Yet policymakers and economist worry that if the current trend of young Nepalese going abroad continues it will impede the country’s long-term economic development. They argue that while remittances might be a temporary boon to the country’s sick economy, the exodus would stymie the growth of domestic industries and agriculture, to the detriment of the country’s overall economic policy.

With its youth leaving to work abroad, Nepal is finding itself short of labor for the agricultural sector, and thousands of hectares of fertile land are being left untilled. Nepal was once known for its agricultural sector, yet it is now in the position of having to import grains, rice and other staples from its neighbors. As rural villages are denuded of their younger people, the government has to date offered little in the way of policy solutions.

When they do go abroad, Nepal workers frequently find themselves cheated at virtually every stage of the journey, particularly by brokers and manpower agencies. The abuse and cheating of migrant workers begins before they even leave the country. A broker approaches an unemployed youth with an offer of lucrative jobs, and makes the introduction to a manpower agency, for a commission. Many migrant workers raise the funds to travel abroad either by accepting loans at high interest rates from their relatives or depositing parental property in a bank or other financial institution. The manpower agency sends the young person abroad with inflated salary promises. Reality hits when the worker arrives in the foreign country, local media often reports Nepalese stranded in different countries as a result of unscrupulous brokers.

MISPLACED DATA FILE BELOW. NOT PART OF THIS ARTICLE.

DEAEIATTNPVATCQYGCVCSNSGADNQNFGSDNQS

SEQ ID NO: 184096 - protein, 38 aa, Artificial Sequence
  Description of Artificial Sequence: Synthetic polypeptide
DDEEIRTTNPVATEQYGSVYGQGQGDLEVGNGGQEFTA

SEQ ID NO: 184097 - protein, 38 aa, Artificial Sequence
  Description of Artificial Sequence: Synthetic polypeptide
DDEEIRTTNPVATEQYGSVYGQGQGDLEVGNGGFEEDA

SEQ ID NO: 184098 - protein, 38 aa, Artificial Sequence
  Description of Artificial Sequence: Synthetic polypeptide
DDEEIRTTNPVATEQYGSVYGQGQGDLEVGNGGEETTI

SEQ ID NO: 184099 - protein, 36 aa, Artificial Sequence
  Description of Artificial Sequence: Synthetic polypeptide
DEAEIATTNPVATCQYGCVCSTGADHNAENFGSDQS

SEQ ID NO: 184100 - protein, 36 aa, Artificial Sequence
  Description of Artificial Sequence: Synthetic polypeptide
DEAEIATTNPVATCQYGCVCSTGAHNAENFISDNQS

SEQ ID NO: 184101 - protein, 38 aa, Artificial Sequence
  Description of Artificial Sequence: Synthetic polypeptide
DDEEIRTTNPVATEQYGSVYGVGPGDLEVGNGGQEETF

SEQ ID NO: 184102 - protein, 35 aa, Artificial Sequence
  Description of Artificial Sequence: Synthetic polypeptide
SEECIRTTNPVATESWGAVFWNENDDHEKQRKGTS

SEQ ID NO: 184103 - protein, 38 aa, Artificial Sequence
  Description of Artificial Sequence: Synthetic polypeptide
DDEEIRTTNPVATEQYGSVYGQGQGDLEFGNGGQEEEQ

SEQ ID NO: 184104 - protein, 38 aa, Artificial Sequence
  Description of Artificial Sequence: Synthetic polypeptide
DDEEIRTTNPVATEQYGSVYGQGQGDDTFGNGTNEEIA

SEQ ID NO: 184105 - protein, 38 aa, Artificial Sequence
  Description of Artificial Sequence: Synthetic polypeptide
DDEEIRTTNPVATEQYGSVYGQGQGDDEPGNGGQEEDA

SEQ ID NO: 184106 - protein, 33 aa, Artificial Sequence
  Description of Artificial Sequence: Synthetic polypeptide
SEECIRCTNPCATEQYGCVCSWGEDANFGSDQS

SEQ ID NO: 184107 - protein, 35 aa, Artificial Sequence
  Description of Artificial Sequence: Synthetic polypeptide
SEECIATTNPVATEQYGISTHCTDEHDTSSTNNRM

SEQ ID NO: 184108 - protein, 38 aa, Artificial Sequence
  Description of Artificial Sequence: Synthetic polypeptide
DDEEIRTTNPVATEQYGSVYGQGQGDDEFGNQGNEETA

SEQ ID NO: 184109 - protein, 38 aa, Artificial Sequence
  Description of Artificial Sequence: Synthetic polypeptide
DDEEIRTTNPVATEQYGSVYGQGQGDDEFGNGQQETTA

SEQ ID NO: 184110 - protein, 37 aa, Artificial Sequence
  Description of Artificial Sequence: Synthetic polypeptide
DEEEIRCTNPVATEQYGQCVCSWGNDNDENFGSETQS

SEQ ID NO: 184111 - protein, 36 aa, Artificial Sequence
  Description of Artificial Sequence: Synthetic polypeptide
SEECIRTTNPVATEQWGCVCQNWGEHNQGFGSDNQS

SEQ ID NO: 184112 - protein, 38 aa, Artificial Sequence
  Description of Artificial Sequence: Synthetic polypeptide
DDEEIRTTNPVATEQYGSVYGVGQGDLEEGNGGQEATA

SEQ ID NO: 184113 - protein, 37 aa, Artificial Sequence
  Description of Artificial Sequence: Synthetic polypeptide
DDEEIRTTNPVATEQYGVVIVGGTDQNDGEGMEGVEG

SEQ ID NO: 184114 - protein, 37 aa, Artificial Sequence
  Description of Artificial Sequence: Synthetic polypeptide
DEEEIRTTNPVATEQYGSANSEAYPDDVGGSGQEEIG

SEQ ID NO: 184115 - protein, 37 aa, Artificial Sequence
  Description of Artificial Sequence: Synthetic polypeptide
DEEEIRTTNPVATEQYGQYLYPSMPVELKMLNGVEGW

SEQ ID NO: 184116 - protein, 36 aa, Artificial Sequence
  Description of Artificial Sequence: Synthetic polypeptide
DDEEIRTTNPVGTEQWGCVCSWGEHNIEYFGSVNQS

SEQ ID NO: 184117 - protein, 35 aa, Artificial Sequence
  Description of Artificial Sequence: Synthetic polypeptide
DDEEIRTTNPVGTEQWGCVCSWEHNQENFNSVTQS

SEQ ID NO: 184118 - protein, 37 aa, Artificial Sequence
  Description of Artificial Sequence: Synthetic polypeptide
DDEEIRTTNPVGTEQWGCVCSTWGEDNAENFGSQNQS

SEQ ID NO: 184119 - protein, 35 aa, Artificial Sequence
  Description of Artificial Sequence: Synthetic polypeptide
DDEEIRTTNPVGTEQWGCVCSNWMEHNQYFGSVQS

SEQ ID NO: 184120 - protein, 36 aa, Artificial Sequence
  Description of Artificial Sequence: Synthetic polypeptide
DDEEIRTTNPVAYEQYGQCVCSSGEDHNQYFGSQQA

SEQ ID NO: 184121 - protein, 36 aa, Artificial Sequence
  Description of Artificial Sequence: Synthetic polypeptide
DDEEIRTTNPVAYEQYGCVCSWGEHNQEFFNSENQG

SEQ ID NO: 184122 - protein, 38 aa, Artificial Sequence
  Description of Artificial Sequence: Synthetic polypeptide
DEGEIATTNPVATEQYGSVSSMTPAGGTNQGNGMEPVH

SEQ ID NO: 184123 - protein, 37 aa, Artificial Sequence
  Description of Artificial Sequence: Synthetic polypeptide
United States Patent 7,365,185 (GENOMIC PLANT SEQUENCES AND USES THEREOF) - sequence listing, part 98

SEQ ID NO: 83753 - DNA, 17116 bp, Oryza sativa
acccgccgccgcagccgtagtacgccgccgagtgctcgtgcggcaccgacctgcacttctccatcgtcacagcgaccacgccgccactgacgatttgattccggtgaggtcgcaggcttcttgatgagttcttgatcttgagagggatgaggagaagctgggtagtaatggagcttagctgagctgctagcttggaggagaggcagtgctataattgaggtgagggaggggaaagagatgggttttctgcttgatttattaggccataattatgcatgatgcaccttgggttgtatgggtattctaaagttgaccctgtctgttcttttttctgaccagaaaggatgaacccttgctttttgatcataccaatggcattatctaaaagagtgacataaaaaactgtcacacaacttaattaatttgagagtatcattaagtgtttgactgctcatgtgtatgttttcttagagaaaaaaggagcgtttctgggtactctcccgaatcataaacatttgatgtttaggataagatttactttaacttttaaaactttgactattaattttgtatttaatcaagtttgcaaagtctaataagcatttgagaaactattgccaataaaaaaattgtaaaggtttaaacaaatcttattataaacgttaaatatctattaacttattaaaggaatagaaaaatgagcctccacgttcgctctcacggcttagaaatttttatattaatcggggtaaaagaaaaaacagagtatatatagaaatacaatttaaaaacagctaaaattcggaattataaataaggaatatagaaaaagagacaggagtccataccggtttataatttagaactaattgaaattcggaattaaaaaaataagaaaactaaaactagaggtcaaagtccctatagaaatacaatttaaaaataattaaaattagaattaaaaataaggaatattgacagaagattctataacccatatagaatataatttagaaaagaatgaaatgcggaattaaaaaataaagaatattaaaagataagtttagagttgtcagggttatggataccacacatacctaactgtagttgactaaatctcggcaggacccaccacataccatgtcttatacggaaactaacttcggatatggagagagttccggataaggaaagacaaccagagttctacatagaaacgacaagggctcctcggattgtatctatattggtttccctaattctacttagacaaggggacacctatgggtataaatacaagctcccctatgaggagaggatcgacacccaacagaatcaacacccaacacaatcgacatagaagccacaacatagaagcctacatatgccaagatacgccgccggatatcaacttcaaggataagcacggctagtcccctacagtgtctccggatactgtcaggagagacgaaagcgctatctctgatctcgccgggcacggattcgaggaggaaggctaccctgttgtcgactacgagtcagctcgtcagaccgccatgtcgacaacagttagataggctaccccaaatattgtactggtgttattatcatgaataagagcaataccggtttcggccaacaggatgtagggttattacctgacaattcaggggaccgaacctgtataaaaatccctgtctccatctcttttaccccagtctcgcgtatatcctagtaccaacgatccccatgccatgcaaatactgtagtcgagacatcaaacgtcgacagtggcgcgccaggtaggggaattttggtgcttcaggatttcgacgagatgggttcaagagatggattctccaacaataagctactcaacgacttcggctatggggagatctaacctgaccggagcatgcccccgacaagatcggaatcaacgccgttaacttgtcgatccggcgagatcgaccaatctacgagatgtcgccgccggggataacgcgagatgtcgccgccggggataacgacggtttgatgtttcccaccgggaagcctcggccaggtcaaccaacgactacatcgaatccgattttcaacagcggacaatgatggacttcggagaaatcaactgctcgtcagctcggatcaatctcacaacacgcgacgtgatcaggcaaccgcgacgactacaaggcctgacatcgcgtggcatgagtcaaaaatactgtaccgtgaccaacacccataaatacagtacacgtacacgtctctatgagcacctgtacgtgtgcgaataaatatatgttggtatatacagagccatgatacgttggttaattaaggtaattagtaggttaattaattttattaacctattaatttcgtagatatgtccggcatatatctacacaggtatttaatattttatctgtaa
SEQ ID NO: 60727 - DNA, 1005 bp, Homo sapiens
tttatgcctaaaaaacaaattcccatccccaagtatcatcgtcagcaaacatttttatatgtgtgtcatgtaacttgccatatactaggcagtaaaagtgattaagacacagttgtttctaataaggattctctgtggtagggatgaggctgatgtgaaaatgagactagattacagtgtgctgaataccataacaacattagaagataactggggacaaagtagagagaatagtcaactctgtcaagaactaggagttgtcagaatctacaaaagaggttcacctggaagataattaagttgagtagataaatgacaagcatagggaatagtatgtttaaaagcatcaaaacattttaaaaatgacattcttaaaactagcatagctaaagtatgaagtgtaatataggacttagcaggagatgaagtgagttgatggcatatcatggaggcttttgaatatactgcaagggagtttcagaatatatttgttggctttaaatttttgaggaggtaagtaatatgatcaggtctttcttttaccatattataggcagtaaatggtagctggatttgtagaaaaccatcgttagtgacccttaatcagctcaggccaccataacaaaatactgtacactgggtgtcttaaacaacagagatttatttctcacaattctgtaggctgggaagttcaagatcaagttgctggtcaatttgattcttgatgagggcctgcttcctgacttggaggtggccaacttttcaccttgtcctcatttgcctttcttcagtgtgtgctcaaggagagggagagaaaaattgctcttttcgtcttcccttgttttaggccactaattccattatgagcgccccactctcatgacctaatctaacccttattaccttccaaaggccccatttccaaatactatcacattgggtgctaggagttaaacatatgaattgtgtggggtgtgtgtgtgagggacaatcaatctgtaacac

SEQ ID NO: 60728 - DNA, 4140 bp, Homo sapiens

A 2011 Amnesty International report titled “False promises: Exploitation and Forced Labor of Nepali Migrant Workers” noted that of 150 returnees and prospective migrant workers it interviewed, more than 90 percent claimed to have been deceived by recruitment agencies and brokers on fundamental aspects of their contract.

Nepal’s agriculture has the potential to create jobs for young workers, but the sector has suffered from a lack of attention. In a budget recently presented in parliament, Nepal’s Finance Minister Ram Sharan Mahat announced plans to provide loans to youth at minimal interest rates, hoping to encourage them to return to farming.